SANTA FE, N.M. — Secretary of Interior Ken Salazar called it a “historic day” as he signed regulations at Sandia Pueblo on Thursday morning that will allow the tribe to lease land without federal approval.
The pueblo is only the second tribe in the country to take advantage of a law, called the HEARTH Act (Helping Expedite and Advance Responsible Tribal Home Ownership Act of 2012), which was signed last year. Prior to the law, any long-term leases for residential, business, or other purposes – large or small – needed approval from the Bureau of Indian Affairs.
“This important step today on the HEARTH Act brings to closure a sad saga of the United States not trusting Indian country,” Salazar said at the signing.
The regulations at Sandia, which has about 400 tribal members, will only apply to business leases.
“That will mean there will be less bureaucratic red tape, because (control) will be delegated down to the pueblo itself,” Salazar said.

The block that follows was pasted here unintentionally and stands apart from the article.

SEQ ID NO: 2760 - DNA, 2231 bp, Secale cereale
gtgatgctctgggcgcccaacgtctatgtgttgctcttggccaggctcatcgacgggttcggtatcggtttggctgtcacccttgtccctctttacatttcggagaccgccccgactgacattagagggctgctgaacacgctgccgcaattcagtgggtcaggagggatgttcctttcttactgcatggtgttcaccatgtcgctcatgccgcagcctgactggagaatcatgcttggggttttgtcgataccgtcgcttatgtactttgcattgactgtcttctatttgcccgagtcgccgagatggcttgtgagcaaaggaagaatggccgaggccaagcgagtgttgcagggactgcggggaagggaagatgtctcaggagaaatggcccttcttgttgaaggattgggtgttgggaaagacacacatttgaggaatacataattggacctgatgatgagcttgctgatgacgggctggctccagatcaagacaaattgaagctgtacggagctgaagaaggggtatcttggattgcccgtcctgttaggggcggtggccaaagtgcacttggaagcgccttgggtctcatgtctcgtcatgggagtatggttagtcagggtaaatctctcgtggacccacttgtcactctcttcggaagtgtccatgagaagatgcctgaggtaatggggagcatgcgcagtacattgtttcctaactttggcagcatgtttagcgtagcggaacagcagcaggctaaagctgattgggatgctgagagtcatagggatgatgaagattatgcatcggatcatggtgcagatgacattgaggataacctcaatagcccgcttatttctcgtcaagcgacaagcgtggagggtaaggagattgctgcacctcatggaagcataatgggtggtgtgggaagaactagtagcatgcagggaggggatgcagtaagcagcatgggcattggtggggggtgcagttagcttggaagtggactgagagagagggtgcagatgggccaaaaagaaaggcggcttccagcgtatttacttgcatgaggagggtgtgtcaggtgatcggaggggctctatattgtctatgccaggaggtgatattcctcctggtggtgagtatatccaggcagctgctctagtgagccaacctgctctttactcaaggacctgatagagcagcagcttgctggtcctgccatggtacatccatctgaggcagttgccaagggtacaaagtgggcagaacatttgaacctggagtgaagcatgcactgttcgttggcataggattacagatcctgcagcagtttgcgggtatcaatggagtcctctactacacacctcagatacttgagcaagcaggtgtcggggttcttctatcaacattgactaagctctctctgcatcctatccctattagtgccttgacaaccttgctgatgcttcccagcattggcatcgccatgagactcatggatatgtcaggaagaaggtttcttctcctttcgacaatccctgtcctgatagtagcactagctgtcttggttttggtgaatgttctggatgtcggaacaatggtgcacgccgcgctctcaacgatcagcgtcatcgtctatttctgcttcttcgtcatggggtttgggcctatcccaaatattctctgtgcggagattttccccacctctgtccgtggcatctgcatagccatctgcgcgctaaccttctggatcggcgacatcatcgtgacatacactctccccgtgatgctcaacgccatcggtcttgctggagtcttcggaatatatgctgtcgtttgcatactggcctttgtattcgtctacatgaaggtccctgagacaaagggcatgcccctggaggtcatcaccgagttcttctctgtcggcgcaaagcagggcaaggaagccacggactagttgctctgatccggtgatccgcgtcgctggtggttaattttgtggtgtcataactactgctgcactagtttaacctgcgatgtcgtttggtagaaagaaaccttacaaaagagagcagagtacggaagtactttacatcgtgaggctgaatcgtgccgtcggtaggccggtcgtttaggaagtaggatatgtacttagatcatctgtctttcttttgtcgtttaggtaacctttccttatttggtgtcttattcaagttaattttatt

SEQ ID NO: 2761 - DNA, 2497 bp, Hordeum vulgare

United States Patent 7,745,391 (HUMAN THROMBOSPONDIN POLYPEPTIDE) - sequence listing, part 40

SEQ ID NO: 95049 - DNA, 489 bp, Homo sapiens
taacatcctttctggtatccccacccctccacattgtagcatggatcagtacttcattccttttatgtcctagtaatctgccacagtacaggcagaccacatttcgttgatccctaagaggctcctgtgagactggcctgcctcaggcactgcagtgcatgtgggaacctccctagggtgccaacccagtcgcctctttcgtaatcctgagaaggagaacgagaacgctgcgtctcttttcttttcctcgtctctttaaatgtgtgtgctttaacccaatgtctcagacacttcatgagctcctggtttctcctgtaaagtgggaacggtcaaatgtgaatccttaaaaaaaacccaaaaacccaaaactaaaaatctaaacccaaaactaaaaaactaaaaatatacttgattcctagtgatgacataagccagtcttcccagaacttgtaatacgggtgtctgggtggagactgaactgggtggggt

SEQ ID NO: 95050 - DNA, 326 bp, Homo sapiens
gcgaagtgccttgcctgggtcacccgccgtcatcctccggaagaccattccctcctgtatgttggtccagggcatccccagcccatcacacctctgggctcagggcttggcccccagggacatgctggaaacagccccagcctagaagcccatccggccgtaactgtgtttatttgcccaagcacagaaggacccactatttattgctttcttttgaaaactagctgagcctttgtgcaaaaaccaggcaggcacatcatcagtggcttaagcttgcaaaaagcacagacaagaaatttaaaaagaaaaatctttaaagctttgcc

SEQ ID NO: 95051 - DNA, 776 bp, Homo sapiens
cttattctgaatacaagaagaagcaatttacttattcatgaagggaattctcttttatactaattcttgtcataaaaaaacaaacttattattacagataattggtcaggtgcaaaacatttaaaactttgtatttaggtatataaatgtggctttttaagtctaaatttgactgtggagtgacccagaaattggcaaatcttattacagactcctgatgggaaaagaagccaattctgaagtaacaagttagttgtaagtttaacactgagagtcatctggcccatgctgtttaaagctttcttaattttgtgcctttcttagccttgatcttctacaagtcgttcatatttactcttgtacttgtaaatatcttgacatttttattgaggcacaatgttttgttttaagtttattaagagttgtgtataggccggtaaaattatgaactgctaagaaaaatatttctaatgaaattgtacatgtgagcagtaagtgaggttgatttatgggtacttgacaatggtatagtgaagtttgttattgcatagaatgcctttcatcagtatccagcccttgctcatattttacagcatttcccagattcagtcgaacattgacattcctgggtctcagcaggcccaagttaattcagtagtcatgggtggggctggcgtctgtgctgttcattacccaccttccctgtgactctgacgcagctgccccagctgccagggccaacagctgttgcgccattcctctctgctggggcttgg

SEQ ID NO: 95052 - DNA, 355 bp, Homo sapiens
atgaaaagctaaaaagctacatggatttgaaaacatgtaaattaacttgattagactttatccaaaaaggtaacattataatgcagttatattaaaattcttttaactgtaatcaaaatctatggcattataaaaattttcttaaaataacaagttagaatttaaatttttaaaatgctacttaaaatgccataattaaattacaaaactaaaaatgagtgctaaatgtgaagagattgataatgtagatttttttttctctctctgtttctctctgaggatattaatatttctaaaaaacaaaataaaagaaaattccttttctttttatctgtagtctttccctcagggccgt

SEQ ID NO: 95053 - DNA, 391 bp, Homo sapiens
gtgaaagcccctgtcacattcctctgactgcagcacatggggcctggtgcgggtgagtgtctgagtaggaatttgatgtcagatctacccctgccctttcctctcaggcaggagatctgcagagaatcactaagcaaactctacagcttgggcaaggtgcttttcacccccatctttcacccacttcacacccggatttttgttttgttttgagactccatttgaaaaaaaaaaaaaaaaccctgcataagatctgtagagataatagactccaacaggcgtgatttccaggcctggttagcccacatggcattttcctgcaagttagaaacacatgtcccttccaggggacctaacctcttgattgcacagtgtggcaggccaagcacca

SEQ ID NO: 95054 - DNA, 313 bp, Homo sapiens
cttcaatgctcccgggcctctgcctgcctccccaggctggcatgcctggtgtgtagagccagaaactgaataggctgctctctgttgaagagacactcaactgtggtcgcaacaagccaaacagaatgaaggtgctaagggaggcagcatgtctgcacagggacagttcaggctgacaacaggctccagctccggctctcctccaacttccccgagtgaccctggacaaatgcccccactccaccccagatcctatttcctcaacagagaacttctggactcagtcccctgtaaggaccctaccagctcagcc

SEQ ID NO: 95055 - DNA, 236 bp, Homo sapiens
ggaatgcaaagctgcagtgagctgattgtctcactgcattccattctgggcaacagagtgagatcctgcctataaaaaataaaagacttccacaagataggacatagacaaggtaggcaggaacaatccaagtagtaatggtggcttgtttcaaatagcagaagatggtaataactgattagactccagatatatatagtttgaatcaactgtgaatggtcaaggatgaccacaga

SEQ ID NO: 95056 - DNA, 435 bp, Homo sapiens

Assistant Secretary of Indian Affairs Kevin Washburn, former dean of the University of New Mexico School of Law, was also on hand for the signing. He said before the change, there was often a backlog for lease approvals that caused delays in development on reservations.
“It was often lengthy,” he said. “One of the problems was there was a concern that the people who wanted to do the lease would walk away before the lease was actually approved because they didn’t want to wait around for that.”
Sandia Gov. Victor Montoya said the tribe is “confident” in its ability to execute leases. He said the tribe is hoping to prompt more economic development on the southern border of the pueblo and is right now putting in drainage systems.
In the past, tribal leaders have talked of preliminary plans to develop the old Coronado Airport, which runs parallel to Interstate 25 south of Tramway Road NE, with office and retail space. Montoya said the tribe wants to “diversify from gaming into other opportunities that come our way.”
“Hopefully, with this act being signed, we’ll get responses from other companies who will hopefully come and do business with us,” he said.
The bill was sponsored by then Rep. Martin Heinrich, now a senator.
“It was not that long ago that tribal leaders complained that BIA stood for ‘Bossing Indians Around,'” Washburn said. “The Sandia HEARTH Act regs signed by the secretary today put the Pueblo firmly in control of an important aspect of their own economic destiny.”
— This article appeared on page C1 of the Albuquerque Journal